InTravel, Travel Hacking

Creating A Travel Hacking Strategy

Porto, Portugal, view, lookout of porto, portufal views

A Review

One of my first blog posts was the story of how I started travel hacking and how it has changed my life. And in my last article, we discussed how to set yourself up for success before starting to travel hack. This post is going to continue building on those posts so I suggest you read those ones first!

Now, this article is going to focus on choosing which credit card to open first and how to create your own credit card opening strategy. We will also look at the pros and cons of both the Chase Sapphire Reserve and Chase Sapphire Preferred cards to see which will work best for you.

What We Have Learned

As I have mentioned before, planning ahead is the best way to begin your travel hacking journey. At this point, you should already know:

  1. Your credit score
  2. How much money you have in your budget to use towards minimum spends
  3. Where you’re at in your Chase 5/24
  4. The rules of travel hacking
  5. Your travel goals
  6. Which airlines travel to your dream destination

Getting Started

Now that you have all the necessary information to get you started, let’s talk first about creating your credit card opening strategy. Depending on how many spots you have open in your 5/24, you will probably want to start with a Chase credit card first.

You can continue to open Chase cards every couple of months until you fill up your 5/24 slots. Once your 5/24 is full, you can start looking into cards with other banks like American Express and Capital One.

Your card opening strategy will depend heavily on where you’ve decided you want to travel in the near future. The Chase Sapphire Preferred (CSP) and Chase Sapphire Reserve (CSR) cards have amazing travel partners and their Ultimate Rewards (UR) points can take you almost anywhere you want to go domestically or internationally.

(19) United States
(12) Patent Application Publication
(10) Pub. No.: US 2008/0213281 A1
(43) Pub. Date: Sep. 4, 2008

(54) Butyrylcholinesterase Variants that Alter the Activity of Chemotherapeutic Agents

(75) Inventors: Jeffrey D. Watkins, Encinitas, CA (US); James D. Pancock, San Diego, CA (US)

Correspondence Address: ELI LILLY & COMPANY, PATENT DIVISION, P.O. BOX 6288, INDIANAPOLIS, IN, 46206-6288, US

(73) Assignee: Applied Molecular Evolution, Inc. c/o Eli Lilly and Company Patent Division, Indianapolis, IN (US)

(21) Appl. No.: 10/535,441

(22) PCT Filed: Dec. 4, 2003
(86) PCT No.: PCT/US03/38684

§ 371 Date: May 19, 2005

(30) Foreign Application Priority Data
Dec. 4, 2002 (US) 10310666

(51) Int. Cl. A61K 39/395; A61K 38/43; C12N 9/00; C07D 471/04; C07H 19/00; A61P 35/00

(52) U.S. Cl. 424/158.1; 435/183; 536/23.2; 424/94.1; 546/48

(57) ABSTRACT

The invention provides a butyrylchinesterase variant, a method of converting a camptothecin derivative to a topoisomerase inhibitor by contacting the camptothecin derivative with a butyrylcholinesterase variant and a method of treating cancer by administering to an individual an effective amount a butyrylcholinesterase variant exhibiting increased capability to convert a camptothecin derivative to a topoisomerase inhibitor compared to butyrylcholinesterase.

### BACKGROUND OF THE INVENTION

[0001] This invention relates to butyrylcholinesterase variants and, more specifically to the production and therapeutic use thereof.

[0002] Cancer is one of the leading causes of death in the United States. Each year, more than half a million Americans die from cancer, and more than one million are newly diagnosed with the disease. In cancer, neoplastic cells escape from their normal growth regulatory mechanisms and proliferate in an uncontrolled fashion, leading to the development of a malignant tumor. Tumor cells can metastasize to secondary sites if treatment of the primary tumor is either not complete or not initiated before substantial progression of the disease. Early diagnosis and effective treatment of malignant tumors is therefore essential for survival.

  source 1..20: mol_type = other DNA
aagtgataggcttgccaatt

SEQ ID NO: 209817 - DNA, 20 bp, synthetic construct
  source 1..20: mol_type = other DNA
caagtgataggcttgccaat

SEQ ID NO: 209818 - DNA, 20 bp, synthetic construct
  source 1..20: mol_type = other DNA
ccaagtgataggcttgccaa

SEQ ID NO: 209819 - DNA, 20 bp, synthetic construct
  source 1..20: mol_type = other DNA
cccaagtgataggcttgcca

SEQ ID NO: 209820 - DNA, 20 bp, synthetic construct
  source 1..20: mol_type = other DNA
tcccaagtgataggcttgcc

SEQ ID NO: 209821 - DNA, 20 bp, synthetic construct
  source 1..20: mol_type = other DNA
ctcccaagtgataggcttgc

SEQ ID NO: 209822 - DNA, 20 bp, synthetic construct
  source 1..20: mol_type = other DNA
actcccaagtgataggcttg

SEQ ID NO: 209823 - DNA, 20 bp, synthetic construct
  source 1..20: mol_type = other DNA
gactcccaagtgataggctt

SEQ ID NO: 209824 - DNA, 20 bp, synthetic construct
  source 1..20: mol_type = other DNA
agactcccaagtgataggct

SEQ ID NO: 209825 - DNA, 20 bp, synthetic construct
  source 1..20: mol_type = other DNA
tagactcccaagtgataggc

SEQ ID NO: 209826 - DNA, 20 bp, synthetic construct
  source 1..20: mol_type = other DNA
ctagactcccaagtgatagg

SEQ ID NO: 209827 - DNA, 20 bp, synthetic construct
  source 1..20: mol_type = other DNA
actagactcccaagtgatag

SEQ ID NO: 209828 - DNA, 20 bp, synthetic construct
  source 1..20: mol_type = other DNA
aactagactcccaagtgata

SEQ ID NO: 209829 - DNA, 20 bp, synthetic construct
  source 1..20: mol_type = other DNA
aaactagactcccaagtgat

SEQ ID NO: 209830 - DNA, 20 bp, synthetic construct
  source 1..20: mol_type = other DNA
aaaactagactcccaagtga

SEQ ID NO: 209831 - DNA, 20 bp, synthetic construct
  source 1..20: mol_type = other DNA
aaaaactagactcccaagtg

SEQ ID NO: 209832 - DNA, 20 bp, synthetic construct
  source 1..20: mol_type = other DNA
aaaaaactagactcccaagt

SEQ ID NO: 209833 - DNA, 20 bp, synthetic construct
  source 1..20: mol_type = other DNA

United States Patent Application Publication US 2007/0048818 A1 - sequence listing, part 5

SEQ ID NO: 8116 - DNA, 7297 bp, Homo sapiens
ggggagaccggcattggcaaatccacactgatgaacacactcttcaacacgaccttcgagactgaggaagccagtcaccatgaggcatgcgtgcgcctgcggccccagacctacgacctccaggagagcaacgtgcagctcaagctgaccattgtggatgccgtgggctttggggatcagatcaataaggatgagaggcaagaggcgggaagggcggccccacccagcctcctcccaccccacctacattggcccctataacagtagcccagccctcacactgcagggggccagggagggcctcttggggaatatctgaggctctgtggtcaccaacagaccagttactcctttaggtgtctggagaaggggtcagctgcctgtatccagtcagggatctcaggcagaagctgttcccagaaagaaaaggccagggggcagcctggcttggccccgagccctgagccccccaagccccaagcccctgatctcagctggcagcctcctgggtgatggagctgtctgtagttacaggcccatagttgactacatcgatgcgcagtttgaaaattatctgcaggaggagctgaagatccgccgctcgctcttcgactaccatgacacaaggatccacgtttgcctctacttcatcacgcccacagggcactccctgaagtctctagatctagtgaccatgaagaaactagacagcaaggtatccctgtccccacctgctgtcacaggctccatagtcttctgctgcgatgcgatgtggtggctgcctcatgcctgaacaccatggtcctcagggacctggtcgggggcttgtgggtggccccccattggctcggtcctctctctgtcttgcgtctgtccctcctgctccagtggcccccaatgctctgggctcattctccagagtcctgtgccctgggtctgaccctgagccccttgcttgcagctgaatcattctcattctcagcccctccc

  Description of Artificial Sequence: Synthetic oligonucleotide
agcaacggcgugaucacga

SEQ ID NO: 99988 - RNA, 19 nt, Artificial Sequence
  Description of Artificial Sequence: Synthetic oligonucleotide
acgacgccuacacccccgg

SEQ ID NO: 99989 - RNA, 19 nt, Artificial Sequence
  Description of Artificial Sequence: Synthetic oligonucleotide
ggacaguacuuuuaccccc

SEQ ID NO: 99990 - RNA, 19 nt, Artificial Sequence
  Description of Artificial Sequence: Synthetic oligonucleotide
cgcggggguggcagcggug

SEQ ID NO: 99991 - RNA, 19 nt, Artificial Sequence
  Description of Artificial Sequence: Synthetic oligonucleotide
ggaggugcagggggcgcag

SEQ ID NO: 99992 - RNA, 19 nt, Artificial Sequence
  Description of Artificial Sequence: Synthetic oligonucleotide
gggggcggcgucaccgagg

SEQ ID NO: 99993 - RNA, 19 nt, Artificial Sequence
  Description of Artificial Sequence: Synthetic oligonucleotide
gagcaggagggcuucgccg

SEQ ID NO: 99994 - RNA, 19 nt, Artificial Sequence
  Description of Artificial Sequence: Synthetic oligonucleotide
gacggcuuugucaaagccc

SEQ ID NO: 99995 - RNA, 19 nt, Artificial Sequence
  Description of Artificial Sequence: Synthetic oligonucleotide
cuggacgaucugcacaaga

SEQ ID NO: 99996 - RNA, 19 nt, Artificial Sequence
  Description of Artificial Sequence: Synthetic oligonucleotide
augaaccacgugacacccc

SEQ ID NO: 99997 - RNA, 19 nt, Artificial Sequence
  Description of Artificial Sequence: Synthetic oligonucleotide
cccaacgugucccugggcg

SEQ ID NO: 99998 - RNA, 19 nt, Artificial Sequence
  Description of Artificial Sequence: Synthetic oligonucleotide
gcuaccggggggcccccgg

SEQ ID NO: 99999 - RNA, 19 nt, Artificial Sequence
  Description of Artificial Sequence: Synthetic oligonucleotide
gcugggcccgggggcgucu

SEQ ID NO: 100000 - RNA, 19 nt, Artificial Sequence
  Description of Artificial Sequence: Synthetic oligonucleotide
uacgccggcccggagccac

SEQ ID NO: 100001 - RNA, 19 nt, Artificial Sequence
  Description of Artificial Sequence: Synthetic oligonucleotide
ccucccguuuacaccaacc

Since you know where you are going and that you can get there through a Chase partner, you are ready to apply to your first travel rewards credit card. Like I shared before, the two best options here are the Chase Sapphire cards (the CSP and CSR). Both of them have some amazing benefits and you will just have to weigh your options and decide which works best for you.

Chase Sapphire Preferred Vs. Reserve

The CSP is an Ultimate Rewards (UR) card that allows you to earn 2X points per $1 on travel and dining purchases and 1X point per $1 on everything else. The $95 annual fee is waived the first year, there are no international fees while traveling, and you can earn 50,000 bonus points after spending $4,000 in the first three months. 50,000 points are worth $625 towards airfare or hotels through the Chase UR portal. But if you transfer them out of your UR account to their travel partners you can usually get even better redemption rates.

Now the CSR is the next level up and is one of the top of the line travel credit cards you can have in your wallet. With the CSR you’ll get 3X points per dollar spent on travel and dining purchases and 1X point per $1 on everything else. There are also no international fees on this card, but CSR points are worth 50% more through the Chase UR portal making your 50,000 points worth $750.

So at this point, you’re probably wondering why choosing the CSR isn’t a no brainer. Well, here’s why. It has a whopping $450 annual fee. That sounds like a ton of money to pay for supposedly free travel. But here’s the thing, you also get a $300 annual travel credit, a complimentary Priority Pass (which allows you entry into over 1,000 airport lounges all over the world), and a Global Entry or TSA Precheck fee credit!

Global Entry and TSA Precheck fees are at least $100 and save you a lot of time and energy. So if you add the $300 travel credit + the $100 Global Entry or TSA Precheck fee that is = to $400. You’re really earning back $400, which makes the annual fee more like $50.